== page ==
The James Bond film series, with its suave spies, thrilling chases, and iconic villains, has captivated audiences for decades. Among the pantheon of Bond films, the 1967 “Casino Royale” stands out as an enigma. Unlike its action-packed counterparts, this film took a comedic, satirical approach to the world of 007. But beyond its unique tone, many fans and film enthusiasts often wonder about the locations that set the backdrop for this distinctive Bond adventure. This article delves deep into the filming locales of “Casino Royale” 1967, offering insights into its production and the stories behind the scenes.
Where was the first James Bond movie “Casino Royale” 1967 filmed?
“Casino Royale” (1967) is a unique entry in the James Bond film series. Unlike the more familiar EON Productions films, this was a satirical take on Ian Fleming’s first James Bond novel. The question of where it was filmed has intrigued fans for decades. Let’s dive deep into the filming locations and the stories behind them.
The Backstory of “Casino Royale” 1967
Before we delve into the filming locations, it’s essential to understand the context of this movie:
- Production Companies: The film was a joint venture between Columbia Pictures, Famous Artists Productions, and Charles K. Feldman’s production company.
- Multiple Bonds: Instead of having one James Bond, the film featured multiple characters using the name, including Sir James Bond (played by David Niven), and others played by stars like Peter Sellers and Ursula Andress.
- Satirical Approach: The film was a parody, taking a comedic and light-hearted approach to the Bond franchise.
Primary Filming Locations
Shepperton Studios, Surrey, England
- Many of the film’s interior scenes, including the lavish casino sequences, were filmed here. Shepperton Studios has a rich history of hosting numerous film productions.
MGM British Studios, Borehamwood, Hertfordshire, England
- Another significant location for interior shots. The studio was responsible for some of the most memorable sets in the film.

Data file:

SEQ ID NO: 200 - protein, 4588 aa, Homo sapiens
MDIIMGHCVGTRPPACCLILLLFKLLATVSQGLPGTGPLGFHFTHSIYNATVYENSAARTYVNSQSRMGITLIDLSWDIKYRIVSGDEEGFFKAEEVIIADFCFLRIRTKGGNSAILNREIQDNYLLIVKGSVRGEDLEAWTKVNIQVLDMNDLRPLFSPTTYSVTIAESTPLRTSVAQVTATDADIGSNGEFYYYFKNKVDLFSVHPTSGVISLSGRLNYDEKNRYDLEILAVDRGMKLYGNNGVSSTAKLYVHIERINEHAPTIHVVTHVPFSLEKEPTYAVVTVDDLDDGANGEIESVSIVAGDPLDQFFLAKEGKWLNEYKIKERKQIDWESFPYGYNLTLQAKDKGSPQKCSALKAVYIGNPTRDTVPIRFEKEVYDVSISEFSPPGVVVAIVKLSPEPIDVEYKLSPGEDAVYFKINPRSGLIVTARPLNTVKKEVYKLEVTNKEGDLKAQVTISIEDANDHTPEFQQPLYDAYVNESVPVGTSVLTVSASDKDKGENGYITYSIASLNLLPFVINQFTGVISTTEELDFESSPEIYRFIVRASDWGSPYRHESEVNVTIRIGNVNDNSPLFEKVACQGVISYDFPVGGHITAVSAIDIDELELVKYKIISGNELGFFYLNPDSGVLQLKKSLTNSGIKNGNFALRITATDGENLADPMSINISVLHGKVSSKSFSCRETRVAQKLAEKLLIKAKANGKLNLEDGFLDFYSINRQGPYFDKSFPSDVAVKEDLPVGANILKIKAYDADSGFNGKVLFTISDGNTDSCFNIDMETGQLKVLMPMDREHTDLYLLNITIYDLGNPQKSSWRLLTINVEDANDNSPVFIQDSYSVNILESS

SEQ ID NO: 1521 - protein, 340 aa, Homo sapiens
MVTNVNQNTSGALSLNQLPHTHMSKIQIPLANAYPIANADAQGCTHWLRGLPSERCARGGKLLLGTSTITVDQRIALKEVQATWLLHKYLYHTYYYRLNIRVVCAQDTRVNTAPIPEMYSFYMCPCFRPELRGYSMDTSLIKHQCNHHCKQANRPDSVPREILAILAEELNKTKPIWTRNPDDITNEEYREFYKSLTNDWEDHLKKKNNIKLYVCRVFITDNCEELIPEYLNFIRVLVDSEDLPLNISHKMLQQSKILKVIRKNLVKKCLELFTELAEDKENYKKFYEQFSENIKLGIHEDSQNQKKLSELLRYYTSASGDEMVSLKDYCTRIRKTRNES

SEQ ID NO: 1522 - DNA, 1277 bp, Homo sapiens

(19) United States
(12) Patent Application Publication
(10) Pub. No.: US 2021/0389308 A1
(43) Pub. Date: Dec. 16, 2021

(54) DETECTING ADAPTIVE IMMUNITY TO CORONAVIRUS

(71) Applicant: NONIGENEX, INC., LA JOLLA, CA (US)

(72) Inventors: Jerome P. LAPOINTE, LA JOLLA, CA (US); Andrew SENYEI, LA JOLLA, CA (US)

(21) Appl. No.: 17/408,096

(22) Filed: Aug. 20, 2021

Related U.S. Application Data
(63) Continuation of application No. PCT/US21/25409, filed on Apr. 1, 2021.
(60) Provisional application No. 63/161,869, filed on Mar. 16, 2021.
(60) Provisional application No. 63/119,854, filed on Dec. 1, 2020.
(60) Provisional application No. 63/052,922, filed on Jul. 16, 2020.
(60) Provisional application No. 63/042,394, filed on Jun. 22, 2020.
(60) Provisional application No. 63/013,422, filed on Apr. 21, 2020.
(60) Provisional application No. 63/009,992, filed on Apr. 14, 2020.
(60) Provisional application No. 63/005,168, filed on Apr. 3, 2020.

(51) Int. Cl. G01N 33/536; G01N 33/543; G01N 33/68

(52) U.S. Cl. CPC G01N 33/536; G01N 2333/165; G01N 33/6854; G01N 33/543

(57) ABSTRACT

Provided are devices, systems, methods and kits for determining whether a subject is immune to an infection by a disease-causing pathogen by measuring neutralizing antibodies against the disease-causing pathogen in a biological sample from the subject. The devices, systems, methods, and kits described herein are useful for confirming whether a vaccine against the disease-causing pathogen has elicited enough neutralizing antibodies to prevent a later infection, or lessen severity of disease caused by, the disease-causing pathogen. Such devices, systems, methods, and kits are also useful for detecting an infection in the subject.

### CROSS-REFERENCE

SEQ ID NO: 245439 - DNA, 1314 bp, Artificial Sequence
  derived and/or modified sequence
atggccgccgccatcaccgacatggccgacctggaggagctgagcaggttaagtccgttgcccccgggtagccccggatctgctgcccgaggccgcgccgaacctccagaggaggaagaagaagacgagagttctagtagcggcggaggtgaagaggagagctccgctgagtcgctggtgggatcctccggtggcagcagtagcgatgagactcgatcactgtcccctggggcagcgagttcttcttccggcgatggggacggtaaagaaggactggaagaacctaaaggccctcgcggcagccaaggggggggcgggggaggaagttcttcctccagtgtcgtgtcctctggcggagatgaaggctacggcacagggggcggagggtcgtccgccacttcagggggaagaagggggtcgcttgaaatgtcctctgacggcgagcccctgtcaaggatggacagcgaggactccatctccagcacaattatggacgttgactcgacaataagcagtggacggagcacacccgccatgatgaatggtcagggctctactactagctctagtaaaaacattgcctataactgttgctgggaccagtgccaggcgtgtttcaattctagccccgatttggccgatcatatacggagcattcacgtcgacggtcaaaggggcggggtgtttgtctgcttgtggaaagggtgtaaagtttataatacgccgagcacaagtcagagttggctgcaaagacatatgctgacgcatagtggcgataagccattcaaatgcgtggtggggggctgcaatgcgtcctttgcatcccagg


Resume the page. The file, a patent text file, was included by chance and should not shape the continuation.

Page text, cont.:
Pinewood Studios, Buckinghamshire, England
- Known as the home of James Bond films, Pinewood hosted several scenes for “Casino Royale” as well.
“Casino Royale” 1967, like other Bond films, featured a range of exotic locations:
- France: The South of France was used for several outdoor scenes, capturing the elegance and luxury associated with James Bond.
- Scotland: Some sequences, especially those involving Sir James Bond’s (David Niven) ancestral home, were filmed in the Scottish Highlands.
- Germany: The Berlin scenes, which added a touch of Cold War intrigue to the film, were shot on location in West Berlin.
Lesser-Known Filming Spots
- Laira Bridge, Plymouth, Devon, England: This location was used for the Berlin Wall car chase scene.
- Killin Railway Station, Scotland: The train scenes with the bumbling agents were filmed here.
- The film had a tumultuous production, with multiple directors and script changes. This chaos was, in part, reflected in the diverse range of filming locations used.
- Peter Sellers and Orson Welles reportedly did not get along during filming, leading to challenges in shooting their shared scenes.
- The film’s budget ballooned due to its star-studded cast and the decision to shoot in so many locations.
Links for Further Exploration
- IMDb’s “Casino Royale” 1967 Filming Locations
- Pinewood Studios’ History with James Bond
- Bond Locations: A Fan’s Guide
By understanding the filming locations of “Casino Royale” 1967, fans can gain a deeper appreciation for this unique entry in the Bond series. Whether you’re planning a Bond-themed trip or just curious about film history, these locations offer a fascinating glimpse into the world of 007.
Frequently Asked Questions
1. Who directed the 1967 “Casino Royale”?
Casino Royale” from 1967 is unique in that it didn’t have just one director. Instead, it had multiple directors overseeing different segments of the film. This was partly due to the film’s tumultuous production history and the challenges of managing such a large and star-studded cast.
John Huston, famous for classics like “The Maltese Falcon” and “The Treasure of the Sierra Madre”, directed the scenes that featured the character of Sir James Bond, played by David Niven. Other directors included Val Guest, Robert Parrish, Joseph McGrath, and Ken Hughes. Each brought their own style and vision to their respective segments, contributing to the film’s eclectic and disjointed feel.
The decision to have multiple directors was both a blessing and a curse. While it allowed for a variety of creative inputs, it also meant that the film lacked a consistent tone and vision, which some critics and fans noted upon its release.
2. Why was “Casino Royale” made as a comedy?
The 1967 version of “Casino Royale” was made as a comedy primarily because it was not produced by EON Productions, the company responsible for the official James Bond series. Instead, it was a satirical take on the Bond character and the spy genre in general.
The rights to “Casino Royale” were initially acquired by producer Charles K. Feldman, who initially wanted to produce it as a straightforward Bond adventure. However, after failing to strike a deal with EON Productions and seeing the success of the official Bond films, Feldman decided to take a different approach. He opted for a comedic, parody-style film that would stand out from the traditional Bond movies.